Volkswagen to launch 2,400 electric vehicle chargers in the UK

Government ends plug-in car grant with immediate effect citing 'success in the UK’s electric car revolution'

Road groups 'disappointed' with the decision

The UK government has announced that the Plug-in Car Grant (PiCG), which provides an incentive of £1,500 to buyers of new electric vehicles, is to be scrapped with immediate effect.

The Department for Transport made the announcement hailing “the success in the UK’s electric car revolution” as the reason for the move.

With the government having previously committed to funding the scheme until 2022/2023 and repeated cuts to both the grant and the vehicle value threshold, the ending of the PiCG was not unexpected.

Following the end of the PiCG, £300m in funding ill instead be directed towards grants aimed at incentivising the uptake of plug-in taxis, motorcycles, vans, trucks and wheelchair-accessible vehicles, the DfT said.

Shifting the focus away from the PiCG will also free-up more funding for the expansion of the UK’s public charging network, it claimed. This will be in addition to the £1.6bn it has already committed to the project.

While the PiCG has been scaled back over the past few years — the most recent reduction was the announcement six months ago that the value of the grant would be cut from £2,500 to the present £1,500 on cars under £32,000 — the government has cited the project as being instrumental in significantly increasing the uptake of electric vehicles on UK roads.

“The scheme has succeeded in creating a mature market for ultra-low emission vehicles, helping to increase the sales of fully electric cars from less than 1,000 in 2011 to almost 100,000 in the first five months of 2022 alone,” the DfT said in a statement.

“Battery and hybrid electric vehicles now make up more than half of all new cars sold, and fully electric car sales have risen by 70% in the last year, now representing one in six new cars joining UK roads.”

According to the latest figures from the SMMT, by the end of May there had been 92,512 battery-electric vehicles sold in the UK in 2022, more than 39,000 of those occurring in March alone.

The Department for Transport made the point that for buyers of electric cars, a significant financial incentive was already in place in the shape of lower running costs compared to a petrol or diesel models, which “can often exceed the current £1,500 value of the grant.”

“Electric car drivers will continue to benefit from generous incentives including zero road tax and favourable company car tax rates, which can save drivers over £2,000 a year,” the DfT said.

However, electric cars are more expensive than equivalent petrol cars up front, with sticker prices of a hatchback EV generally around £6,000 dearer. Price parity is expected in the coming years but hasn’t yet been reached.

Transport Minister Trudy Harrison said: “The government continues to invest record amounts in the transition to EVs, with £2.5bn injected since 2020, and has set the most ambitious phase-out dates for new diesel and petrol sales of any major country.

“But government funding must always be invested where it has the highest impact if that success story is to continue.

“Having successfully kickstarted the electric car market, we now want to use plug-in grants to match that success across other vehicle types, from taxis to delivery vans and everything in between, to help make the switch to zero emission travel cheaper and easier.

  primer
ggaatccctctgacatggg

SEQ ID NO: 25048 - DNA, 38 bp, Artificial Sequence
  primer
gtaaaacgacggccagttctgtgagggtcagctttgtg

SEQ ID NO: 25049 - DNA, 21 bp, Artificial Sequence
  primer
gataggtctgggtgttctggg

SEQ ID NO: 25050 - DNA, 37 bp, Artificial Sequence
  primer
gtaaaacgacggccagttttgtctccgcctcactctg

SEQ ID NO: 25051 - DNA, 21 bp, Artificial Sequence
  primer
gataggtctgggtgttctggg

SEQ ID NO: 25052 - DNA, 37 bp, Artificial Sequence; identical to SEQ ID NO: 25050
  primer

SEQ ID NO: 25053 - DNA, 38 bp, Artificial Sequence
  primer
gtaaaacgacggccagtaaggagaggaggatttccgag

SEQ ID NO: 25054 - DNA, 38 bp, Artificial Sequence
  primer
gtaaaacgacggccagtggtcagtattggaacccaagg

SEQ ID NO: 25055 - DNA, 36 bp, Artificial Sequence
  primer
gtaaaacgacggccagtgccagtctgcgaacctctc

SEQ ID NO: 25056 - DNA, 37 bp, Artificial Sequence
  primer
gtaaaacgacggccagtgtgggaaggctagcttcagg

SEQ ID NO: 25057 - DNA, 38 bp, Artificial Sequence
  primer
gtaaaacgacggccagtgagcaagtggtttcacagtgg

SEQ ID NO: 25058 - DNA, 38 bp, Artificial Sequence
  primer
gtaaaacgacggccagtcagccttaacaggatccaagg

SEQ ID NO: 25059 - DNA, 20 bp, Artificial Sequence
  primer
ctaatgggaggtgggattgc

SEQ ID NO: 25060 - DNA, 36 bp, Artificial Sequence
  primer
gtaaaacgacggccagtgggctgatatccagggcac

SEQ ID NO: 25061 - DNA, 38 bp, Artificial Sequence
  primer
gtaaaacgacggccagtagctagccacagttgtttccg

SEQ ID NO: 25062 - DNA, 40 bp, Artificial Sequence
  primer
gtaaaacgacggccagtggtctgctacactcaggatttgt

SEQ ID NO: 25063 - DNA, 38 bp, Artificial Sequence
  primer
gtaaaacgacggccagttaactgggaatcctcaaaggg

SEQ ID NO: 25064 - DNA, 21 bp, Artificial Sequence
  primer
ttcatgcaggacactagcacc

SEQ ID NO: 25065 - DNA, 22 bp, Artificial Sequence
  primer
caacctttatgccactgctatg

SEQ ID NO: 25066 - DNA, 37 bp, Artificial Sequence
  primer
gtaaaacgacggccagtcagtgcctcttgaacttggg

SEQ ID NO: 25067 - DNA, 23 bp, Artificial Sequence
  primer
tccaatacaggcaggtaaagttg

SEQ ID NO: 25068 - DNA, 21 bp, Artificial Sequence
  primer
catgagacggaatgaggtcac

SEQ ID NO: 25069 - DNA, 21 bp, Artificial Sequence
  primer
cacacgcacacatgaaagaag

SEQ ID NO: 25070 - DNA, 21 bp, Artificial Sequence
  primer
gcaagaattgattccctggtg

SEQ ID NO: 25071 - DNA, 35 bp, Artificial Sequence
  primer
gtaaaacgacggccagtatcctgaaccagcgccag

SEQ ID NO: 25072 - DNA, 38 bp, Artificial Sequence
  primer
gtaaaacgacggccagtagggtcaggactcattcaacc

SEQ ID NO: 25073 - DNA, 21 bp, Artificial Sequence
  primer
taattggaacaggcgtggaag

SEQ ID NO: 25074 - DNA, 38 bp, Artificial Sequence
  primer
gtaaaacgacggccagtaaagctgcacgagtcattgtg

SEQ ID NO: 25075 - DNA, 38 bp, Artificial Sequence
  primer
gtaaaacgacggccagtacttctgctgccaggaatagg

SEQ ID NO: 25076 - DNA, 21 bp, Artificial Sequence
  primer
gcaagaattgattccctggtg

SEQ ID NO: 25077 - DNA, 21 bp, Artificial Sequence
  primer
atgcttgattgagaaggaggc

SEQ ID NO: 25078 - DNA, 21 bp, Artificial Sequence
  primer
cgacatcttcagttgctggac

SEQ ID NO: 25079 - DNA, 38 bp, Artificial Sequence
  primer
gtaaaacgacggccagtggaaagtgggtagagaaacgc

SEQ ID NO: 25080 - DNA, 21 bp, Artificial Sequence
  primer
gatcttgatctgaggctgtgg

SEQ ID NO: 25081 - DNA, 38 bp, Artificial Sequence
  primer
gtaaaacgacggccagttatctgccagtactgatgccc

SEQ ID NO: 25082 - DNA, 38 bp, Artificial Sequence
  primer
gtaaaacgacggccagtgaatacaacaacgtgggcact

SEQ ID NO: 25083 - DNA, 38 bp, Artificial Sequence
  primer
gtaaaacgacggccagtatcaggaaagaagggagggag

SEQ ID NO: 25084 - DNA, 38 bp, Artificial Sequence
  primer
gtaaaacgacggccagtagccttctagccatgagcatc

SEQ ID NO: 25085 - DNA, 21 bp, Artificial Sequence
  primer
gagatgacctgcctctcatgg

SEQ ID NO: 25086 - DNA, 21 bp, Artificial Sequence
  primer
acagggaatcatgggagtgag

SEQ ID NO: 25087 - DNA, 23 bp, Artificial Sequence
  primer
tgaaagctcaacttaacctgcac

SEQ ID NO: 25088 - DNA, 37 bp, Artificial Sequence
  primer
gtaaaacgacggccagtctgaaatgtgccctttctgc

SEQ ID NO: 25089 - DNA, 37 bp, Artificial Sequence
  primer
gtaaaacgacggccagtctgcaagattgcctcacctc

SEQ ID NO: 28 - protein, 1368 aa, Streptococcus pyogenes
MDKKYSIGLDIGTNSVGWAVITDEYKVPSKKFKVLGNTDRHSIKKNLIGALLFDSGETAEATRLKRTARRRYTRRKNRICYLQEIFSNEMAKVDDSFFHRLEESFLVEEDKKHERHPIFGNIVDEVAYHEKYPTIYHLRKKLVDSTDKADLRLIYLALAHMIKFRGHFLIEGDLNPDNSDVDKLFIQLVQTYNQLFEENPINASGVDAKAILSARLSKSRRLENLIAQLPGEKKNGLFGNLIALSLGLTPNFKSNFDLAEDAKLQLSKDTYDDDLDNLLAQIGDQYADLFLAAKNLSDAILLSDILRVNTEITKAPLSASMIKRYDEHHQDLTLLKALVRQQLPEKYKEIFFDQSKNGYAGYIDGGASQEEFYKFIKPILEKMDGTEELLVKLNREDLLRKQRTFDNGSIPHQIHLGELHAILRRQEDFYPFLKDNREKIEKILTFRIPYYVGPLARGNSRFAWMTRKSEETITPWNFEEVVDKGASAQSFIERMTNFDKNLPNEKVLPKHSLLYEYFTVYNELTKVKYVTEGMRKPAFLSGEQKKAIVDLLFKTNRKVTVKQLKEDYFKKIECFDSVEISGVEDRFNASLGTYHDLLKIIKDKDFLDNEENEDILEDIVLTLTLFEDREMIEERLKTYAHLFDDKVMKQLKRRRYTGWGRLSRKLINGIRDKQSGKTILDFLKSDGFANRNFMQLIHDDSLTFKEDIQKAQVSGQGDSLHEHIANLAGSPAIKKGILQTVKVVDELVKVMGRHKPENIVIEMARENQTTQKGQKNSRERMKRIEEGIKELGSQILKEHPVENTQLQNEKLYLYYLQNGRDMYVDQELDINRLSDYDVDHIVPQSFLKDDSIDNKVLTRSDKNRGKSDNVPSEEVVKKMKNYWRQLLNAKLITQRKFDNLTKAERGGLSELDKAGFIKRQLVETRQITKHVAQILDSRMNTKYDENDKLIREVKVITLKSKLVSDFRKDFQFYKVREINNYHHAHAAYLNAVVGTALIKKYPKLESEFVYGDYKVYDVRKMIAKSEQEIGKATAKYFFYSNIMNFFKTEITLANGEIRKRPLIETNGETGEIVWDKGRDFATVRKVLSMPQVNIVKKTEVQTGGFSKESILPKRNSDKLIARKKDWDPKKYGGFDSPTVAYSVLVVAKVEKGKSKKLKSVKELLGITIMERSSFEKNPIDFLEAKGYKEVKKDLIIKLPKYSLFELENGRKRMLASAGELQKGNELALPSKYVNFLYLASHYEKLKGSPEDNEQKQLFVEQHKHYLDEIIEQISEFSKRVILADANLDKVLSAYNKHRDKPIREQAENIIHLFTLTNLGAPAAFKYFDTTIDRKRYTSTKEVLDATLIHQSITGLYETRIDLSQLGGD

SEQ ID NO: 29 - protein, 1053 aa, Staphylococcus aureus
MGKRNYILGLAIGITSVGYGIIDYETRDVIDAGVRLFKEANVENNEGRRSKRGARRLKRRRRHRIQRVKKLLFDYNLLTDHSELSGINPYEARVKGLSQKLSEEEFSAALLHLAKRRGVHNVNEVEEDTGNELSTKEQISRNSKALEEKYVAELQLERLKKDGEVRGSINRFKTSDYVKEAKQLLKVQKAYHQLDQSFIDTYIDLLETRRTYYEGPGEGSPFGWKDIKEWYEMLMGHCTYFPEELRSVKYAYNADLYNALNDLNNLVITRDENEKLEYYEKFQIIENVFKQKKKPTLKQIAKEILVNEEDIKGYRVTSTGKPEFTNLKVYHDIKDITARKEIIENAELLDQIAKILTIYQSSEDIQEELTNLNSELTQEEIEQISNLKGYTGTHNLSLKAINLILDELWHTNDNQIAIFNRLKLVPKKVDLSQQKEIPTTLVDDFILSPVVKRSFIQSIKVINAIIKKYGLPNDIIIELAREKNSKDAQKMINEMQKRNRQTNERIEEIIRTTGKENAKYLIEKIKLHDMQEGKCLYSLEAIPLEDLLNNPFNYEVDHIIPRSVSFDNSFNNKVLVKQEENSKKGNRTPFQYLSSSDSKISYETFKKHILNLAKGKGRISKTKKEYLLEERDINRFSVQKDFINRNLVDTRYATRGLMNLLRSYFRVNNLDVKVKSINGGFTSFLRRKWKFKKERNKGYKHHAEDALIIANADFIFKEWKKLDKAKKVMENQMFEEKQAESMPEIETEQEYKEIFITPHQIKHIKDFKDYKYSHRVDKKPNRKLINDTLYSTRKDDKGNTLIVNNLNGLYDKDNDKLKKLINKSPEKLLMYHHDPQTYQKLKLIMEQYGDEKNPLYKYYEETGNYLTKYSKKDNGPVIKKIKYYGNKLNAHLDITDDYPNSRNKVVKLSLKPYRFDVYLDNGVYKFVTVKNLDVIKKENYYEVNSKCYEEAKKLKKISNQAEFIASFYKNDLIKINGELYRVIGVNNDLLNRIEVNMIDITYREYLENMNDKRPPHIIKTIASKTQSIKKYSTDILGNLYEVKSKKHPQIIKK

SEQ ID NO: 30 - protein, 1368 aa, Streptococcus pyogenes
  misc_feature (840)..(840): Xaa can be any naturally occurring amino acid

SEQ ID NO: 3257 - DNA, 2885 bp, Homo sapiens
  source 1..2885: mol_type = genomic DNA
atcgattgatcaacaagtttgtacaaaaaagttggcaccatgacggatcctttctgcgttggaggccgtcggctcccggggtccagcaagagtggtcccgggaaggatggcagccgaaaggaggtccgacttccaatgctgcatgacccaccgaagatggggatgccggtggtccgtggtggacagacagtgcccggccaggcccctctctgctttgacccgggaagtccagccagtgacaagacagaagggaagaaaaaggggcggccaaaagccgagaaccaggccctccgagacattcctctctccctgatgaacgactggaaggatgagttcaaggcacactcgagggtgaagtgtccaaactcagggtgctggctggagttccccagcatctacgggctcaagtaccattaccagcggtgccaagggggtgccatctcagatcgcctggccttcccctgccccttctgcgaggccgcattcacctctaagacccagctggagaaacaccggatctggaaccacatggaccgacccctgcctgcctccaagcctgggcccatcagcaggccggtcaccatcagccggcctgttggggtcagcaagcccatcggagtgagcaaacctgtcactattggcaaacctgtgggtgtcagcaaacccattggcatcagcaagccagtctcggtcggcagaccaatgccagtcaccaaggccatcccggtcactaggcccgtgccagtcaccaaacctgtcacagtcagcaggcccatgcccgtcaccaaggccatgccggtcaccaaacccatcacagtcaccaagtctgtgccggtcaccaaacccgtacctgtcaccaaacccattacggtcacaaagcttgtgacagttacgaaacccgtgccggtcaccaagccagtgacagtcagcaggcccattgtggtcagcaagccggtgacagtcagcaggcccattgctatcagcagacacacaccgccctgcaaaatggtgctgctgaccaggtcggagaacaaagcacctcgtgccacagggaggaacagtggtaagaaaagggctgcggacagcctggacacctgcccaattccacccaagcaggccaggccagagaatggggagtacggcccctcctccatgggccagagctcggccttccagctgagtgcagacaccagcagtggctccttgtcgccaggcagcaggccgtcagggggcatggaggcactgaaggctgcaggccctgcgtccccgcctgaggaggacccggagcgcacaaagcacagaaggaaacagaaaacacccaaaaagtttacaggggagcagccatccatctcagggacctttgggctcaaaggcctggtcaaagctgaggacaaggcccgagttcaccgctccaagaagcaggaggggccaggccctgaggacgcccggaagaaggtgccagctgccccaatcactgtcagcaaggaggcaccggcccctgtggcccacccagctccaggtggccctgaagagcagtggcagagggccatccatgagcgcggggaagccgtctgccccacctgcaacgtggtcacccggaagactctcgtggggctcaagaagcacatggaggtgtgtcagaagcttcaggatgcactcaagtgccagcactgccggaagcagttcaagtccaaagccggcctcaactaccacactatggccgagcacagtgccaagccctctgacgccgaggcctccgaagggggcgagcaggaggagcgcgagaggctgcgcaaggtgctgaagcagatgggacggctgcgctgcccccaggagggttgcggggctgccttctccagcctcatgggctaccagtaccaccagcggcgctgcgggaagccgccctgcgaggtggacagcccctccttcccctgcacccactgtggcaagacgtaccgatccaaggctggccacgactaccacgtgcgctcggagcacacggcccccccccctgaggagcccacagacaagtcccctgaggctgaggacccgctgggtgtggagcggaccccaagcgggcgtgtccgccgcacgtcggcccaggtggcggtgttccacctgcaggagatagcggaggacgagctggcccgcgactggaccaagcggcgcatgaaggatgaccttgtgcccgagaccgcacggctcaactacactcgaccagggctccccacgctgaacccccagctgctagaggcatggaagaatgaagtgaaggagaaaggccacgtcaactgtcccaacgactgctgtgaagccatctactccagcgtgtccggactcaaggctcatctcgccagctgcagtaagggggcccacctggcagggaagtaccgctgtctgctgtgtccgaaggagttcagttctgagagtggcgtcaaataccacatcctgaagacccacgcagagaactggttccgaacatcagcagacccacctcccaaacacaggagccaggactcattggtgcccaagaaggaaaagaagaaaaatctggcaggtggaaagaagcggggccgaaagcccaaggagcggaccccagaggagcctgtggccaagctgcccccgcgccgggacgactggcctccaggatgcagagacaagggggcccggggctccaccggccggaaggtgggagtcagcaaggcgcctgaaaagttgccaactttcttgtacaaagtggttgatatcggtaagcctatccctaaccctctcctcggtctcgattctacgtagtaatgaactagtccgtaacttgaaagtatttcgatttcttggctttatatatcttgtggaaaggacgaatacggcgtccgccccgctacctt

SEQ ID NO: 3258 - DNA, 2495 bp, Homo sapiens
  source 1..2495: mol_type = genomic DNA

“With billions of both government and industry investment continuing to be pumped into the UK’s electric revolution, the sale of electric vehicles is soaring.

“We are continuing to lead the way in decarbonising transport, with generous government incentives still in place, while creating high-skilled jobs and cleaner air across the UK.”

Claire Miller, director of technology and innovation at EV leasing company Octopus Electric Vehicles, believes market forces need to drive down prices now that the grant has been pulled.

“It would be difficult to underplay the significance of the plug-in car grant,” she said. “When the scheme started, you could fit the annual registration of electric cars in your local car park — today we’re seeing hundreds of thousands sold in just the first half of the year. Drivers are waking up to the benefits of making the switch to an EV and we’re seeing demand soar.

“It’s now over to the manufactures to meet demand with supply. Supply chain issues have led to long wait times for the latest EVs on the market. Manufacturers must do everything they can to strengthen supply at every stage to meet current and predicted demand. Without it, we’ll have more customer frustration and slower growth of the second hand market through these crucial early years of the electric decade.”

The announcement, however, was not well received by some motoring groups who argued that more incentives are needed to get car buyers to make the switch to electric vehicles.

“The UK’s adoption of electric cars is so far impressive, but in order to make them accessible to everyone, we need prices to fall,” said Nicholas Lyes, head of roads policy at the RAC.

“Having more on the road is one important way of making this happen, so we’re disappointed the government has chosen to end the grant at this point. If costs remain too high, the ambition of getting most people into electric cars will be stifled.”

The government said that all existing applications for the PiCG will be honoured, including those where a car has been sold in the two working days prior to the announcement and where the application for the grant has not yet been made by a dealership.

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